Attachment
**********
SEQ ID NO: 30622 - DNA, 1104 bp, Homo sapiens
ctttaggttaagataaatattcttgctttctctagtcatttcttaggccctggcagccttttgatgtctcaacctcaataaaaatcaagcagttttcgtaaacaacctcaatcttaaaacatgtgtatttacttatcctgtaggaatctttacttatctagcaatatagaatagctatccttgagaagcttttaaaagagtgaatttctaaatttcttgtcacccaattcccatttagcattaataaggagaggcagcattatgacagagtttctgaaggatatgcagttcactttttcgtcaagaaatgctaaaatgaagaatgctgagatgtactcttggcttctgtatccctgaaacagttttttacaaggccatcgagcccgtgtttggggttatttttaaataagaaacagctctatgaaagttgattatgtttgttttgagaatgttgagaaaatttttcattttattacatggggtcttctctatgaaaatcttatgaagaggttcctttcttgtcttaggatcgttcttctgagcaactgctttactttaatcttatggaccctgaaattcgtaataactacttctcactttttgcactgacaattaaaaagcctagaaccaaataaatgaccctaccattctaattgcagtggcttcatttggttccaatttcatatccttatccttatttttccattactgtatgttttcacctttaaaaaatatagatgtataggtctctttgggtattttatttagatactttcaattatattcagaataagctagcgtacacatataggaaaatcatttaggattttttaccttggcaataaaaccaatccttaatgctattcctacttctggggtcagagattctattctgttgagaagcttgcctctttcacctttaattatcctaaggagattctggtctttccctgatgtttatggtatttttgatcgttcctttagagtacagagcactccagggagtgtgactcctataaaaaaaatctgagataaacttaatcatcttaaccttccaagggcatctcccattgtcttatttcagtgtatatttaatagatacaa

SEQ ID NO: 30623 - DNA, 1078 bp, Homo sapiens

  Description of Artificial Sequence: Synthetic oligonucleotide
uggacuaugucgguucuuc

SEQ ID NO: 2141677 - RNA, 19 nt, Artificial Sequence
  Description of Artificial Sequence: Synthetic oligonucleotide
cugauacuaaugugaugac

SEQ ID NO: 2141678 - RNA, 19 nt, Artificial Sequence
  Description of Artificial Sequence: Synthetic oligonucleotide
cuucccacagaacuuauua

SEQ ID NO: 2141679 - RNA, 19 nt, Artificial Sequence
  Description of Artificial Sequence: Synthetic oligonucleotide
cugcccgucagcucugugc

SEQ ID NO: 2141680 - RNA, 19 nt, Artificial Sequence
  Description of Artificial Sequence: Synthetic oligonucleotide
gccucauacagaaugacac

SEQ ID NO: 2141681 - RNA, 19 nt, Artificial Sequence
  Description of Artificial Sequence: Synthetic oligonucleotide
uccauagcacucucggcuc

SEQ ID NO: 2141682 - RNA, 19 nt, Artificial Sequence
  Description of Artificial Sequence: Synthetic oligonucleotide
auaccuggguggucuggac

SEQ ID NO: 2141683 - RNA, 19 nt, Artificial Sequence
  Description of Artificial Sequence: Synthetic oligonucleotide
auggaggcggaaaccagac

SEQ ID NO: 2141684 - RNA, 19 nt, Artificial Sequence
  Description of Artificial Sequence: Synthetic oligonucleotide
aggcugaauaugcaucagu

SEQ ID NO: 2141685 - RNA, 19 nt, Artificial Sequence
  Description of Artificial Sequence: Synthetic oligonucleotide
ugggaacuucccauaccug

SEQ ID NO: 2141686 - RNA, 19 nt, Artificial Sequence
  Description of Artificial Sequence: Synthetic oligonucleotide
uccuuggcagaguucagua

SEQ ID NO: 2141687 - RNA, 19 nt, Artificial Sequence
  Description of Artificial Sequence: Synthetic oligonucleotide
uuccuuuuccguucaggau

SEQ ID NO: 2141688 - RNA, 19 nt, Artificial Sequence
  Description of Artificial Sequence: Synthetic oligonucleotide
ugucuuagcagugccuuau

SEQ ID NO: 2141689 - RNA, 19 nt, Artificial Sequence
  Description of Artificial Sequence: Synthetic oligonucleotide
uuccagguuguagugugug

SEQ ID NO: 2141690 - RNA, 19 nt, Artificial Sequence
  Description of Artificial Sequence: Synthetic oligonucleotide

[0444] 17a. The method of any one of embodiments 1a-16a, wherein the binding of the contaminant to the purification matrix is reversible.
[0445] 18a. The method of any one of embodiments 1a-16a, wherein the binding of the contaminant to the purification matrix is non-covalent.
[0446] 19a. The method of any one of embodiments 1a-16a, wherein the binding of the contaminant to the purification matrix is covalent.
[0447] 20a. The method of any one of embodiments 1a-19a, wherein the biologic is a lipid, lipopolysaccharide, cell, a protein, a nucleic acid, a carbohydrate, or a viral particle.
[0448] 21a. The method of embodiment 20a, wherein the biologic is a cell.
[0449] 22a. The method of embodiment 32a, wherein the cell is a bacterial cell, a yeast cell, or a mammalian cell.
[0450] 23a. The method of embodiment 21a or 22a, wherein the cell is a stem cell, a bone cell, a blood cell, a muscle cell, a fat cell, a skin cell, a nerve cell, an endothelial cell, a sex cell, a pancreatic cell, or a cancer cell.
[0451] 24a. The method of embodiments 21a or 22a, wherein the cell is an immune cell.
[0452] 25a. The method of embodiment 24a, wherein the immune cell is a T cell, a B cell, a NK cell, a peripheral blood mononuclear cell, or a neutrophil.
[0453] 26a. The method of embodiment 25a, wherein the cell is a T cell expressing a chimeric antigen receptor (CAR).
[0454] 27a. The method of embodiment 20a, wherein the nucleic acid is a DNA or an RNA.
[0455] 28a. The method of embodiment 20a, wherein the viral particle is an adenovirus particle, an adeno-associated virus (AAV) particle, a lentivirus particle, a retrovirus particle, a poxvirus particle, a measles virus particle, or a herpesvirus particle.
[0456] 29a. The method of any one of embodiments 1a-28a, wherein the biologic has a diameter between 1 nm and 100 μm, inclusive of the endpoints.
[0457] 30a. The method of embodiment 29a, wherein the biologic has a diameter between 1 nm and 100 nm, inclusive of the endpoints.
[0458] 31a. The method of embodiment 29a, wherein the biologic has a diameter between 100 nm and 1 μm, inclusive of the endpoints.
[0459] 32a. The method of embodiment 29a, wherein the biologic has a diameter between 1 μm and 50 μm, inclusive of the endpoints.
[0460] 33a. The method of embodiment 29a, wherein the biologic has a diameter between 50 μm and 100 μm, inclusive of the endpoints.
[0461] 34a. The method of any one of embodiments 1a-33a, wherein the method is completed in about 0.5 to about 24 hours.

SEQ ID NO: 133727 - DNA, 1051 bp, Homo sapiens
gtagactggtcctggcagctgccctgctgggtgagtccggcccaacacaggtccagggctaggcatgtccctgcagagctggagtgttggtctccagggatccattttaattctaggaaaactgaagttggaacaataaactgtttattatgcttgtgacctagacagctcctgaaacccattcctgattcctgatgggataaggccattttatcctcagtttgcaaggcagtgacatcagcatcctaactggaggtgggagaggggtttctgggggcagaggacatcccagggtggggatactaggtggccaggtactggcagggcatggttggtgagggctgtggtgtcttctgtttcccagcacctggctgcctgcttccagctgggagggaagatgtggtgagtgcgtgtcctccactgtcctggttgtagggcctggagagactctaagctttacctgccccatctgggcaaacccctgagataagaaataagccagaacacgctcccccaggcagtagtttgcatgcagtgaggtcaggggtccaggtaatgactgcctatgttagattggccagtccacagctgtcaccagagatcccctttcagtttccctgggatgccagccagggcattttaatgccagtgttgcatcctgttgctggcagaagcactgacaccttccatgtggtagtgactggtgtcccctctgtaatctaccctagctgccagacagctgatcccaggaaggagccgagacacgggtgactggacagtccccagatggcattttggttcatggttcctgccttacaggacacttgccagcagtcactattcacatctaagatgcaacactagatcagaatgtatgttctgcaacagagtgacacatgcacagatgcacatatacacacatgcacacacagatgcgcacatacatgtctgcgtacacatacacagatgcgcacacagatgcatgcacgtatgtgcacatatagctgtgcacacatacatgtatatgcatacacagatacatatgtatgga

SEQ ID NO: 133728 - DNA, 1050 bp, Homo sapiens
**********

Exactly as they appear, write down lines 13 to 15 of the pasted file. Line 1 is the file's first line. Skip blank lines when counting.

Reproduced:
  Description of Artificial Sequence: Synthetic oligonucleotide
cugcccgucagcucugugc

SEQ ID NO: 2141680 - RNA, 19 nt, Artificial Sequence